Comments are closed. PeopleOn 17 Jul 2001 in Personnel Today Maureen Macnamara joins The Law Society Budding authoress Maureen Macnamara believes she has a great idea for abook. “I was thinking of writing a book relating to children about howbusiness operates, from a child’s eye view – What grown ups really do atwork,” she says. But to write it, she will have to find time outside of her busy position ashead of HR for The Law Society, which she took up last month. A fellow of the CIPD, she previously worked as board director for lossadjuster Cunningham Lindsey UK. Part of her new role will be focused onrecruiting, retaining and developing staff. “I will also play a key role in contributing to the wider businessdevelopment, decision making and leadership for the society.” Macnamara finds it frustrating that people have such a limited view of HR.”People perceive HR as being admin or welfare. We’re not. But sometimesyou can get hemmed down with trivial problems.” If she had more spare time, Macnamara says she would spend it with familyand friends. She adores the South of France and often goes back to her roots onthe west coast of Ireland. “It rains quite a bit but it doesn’t matter because it’s sobeautiful,” she explains. But she plans to spend this year’s holiday enjoying her garden. CV: Maureen Macnamara1998-2001 Cunningham Lindsey UK and Ireland, HR and training director1996-1998 Schal International management, Associate director, HR1995-1996 2Care, Personnel manager1994-1995 Surrey FHSA, Training and staff development managerOn the move…Independent house builder Morris Homes has appointed Gillian Viragh as HRmanager. Based at head office in Newton-le-Willows, she will develop the HRfunction covering issues such as recruitment and selection, training, inductionand employee relations and will have overall responsibility for HR activitiesacross the company. Viragh worked for BAE Systems for six years where she wasinvolved in issues such as business integration, site closures and HR strategy.Clive Wright has been appointed European partner and client manager withconsultancy William M Mercer. He joins from The BOC Group where he wascompensation and benefits director since 1998. Prior to that he worked for ICLfor 12 years. NHS Estates Trading Fund has appointed David Connor as head of HR, IngridLewis as senior HR adviser, and Helen Dowling as HR adviser. The organisationprovides a consultancy service implementing the NHS Plan and provides a centreof knowledge and expertise to the healthcare sector. The immediate challengefor the HR team is to ensure a smooth transition into a Public PrivatePartnership for April 2002. Previous Article Next Article Related posts:No related photos.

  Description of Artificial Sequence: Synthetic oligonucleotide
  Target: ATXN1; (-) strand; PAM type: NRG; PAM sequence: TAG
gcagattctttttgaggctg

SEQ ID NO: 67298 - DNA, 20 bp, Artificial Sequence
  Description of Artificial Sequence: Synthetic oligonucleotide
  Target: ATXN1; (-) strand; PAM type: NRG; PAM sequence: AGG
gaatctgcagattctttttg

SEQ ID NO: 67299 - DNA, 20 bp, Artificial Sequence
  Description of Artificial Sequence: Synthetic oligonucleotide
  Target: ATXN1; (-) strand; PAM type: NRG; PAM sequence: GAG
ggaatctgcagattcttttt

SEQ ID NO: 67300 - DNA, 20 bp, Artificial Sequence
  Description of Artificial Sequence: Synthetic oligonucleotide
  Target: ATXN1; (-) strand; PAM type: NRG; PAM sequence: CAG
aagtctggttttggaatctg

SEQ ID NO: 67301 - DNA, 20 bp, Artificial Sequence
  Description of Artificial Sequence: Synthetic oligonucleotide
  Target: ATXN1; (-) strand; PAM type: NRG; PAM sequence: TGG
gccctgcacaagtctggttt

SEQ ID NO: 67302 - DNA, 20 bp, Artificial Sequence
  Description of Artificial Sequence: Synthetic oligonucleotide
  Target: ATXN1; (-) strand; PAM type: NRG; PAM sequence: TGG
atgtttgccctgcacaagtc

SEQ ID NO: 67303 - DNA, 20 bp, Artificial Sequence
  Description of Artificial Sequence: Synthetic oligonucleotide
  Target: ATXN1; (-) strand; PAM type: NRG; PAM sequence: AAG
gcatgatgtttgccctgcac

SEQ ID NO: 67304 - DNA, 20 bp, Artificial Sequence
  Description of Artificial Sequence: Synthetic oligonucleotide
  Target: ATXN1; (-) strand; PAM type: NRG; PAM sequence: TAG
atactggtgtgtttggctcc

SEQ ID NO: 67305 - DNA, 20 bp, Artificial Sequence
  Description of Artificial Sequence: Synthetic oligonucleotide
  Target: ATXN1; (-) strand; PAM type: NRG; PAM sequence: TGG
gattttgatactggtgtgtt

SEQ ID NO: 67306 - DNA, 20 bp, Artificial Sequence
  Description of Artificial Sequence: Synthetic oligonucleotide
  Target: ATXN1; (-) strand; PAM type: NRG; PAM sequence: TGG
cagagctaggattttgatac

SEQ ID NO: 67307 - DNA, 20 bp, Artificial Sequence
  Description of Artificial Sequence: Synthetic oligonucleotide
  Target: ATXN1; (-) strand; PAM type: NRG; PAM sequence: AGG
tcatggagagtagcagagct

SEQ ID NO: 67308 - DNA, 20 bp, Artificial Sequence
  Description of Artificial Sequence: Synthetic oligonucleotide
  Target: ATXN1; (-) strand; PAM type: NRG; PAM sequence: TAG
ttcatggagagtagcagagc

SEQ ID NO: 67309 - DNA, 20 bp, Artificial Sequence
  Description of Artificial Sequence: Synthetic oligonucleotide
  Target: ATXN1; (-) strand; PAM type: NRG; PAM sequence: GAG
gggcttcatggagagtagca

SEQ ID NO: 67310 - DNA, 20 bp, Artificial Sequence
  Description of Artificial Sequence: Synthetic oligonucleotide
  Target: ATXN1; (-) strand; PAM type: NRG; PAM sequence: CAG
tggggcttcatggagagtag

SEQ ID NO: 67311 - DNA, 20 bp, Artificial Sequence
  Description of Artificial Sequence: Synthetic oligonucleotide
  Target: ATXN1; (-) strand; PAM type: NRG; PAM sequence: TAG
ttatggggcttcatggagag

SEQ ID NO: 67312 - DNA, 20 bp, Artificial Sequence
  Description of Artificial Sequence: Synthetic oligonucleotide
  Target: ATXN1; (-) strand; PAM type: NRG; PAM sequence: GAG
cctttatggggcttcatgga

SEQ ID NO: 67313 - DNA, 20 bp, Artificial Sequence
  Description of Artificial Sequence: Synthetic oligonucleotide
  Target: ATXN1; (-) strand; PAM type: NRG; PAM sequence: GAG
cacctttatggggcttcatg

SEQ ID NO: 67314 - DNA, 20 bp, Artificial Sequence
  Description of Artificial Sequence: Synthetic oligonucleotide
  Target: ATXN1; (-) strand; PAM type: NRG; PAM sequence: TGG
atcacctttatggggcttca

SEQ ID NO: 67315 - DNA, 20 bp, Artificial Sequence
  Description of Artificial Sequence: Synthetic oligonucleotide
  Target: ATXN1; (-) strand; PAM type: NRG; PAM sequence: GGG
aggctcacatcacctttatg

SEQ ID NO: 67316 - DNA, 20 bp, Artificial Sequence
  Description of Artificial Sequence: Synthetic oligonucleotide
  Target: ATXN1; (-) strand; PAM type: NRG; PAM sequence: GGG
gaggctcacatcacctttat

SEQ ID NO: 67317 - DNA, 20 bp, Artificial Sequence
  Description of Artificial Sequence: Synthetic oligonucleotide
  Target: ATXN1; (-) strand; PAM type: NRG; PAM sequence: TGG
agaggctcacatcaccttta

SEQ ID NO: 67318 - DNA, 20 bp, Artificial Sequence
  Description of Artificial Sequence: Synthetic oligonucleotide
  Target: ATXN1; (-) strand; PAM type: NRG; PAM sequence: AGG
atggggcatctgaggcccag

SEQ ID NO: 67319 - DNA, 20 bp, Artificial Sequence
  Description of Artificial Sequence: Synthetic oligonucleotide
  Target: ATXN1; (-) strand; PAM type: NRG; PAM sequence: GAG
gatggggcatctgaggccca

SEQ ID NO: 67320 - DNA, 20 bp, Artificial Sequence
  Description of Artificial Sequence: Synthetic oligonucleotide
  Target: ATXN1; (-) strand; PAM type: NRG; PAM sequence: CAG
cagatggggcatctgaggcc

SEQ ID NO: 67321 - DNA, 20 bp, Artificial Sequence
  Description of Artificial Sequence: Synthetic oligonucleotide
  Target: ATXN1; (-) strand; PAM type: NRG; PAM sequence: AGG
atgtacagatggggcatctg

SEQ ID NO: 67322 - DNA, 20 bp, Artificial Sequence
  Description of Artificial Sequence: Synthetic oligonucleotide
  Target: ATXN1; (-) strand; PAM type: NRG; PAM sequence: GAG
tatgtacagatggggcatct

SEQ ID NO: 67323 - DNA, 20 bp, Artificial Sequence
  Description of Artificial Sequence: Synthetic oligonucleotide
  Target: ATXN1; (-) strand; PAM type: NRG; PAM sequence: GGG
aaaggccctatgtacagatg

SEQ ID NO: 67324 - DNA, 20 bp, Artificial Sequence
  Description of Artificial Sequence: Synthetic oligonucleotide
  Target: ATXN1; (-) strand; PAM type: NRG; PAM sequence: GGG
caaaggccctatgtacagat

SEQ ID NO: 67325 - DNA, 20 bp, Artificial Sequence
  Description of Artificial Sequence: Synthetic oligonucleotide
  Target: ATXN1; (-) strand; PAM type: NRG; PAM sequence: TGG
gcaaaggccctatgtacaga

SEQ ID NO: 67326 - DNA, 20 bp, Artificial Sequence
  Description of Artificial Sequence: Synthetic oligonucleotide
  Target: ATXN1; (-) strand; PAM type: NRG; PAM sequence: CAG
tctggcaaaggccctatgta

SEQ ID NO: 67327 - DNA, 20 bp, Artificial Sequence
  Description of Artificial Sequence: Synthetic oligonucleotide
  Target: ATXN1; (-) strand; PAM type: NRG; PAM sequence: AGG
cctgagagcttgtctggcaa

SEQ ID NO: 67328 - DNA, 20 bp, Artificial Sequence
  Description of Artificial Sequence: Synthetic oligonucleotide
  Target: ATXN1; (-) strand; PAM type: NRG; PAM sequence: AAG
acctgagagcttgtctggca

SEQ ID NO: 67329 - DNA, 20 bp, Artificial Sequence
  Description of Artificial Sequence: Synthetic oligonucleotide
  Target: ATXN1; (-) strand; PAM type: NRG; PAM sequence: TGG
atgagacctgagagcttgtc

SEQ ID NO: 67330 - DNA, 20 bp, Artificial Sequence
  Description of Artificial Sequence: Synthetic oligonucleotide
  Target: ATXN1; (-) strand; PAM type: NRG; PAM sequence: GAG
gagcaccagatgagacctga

Gen. David H. Petraeus, former director of the CIA who currently teaches at USC, weighed in on four technological developments that have emerged since the Great Recession on Wednesday evening at the USC Sidney Harman Academy for Polymathic Study in Doheny Memorial Library.Interconnected · Gen. David H. Petraeus spoke of how manufacturing, life sciences and information technologies are intertwined on Wednesday. – Ralf Cheung | Daily TrojanDuring the hourlong discussion, Petraeus noted that the four revolutions of energy, manufacturing, life sciences and information technology are all interconnected.Petraeus, who is well known for changing the tide in the Iraq and Afghanistan wars, said each revolution is dependent on one another. He emphasized that the energy revolution enabled the information technology revolution and great growth of storage, which led to the manufacturing revolution.“When you take these four revolutions and you take the demographics of the United States, the state of the global economy, we may be on the threshold of the North American decades,” Petraeus said.Petraeus described the “North American decades” as a time of success for not only the United States, but also for Canada and Mexico.“These revolutions are historic and are going to give an incredible boost to our economy,” Petraeus said.Following his lecture, Petraeus answered students’ questions about his opinion on cyber espionage and exporting oil to Asian countries.He noted that in the near future, many new jobs will arise in several different fields, and encouraged students to be hopeful for what is to come. Petraeus said many of these new jobs will come through the evolving energy and manufacturing industries, noting that just this past week, the United States surpassed Russia to become the No. 1 producer of oil and gas in the world.“This is coming soon to a theater near us, this is not fantasy,” Petraeus said. “There are already steps in the direction toward this.”During the discussion, Petraeus cracked jokes about Edward Snowden and the U.S. legislature but became serious when asked a question about ethics within American policies during war. He referenced the infamous pictures of Abu Ghraib prison torture.“We try to adhere to the letter and the spirit of the international law. With that said, we’re not perfect,” Petraeus said.Petraeus also said that more attention needs to be paid to the nation’s shortcomings in education, immigration reform and infrastructure in order for the U.S. to stay ahead of other countries.This was Petraeus’ second appearance at a USC event this week. On Monday evening, he spoke about the the importance of honoring veterans returning home from serving the country in Iraq and Afghanistan.Many students responded positively to Petraeus’ discussion. Some believed the format of the discussion was helpful to understanding the conversation.“It’s cool to have someone as famous as him come talk to us as equals,” said Rachel Jones, a junior majoring in political science.Students also said that Petraeus provided more context to subjects that they already had an interest in.“He gave me a more in-depth sense and knowledge of these issues,” said Berenice Yang Gonzalez, a junior majoring in political science and environmental studies. “It’s like knowing how to ride a bike and then learning how to ride a motorcycle.”Students said the conversational format of the program was beneficial to their learning experience.“It was insightful having his perspective because he looks at it from the top-down,” said Karthik Gollapudi, a junior majoring in computer science. “His experience will be helpful in integrating a lot of different departments and connecting them together.”Editor’s note: The original article incorrectly listed Karthik Gollapudi’s major as business administration.Follow Jordyn on Twitter @jojoholmey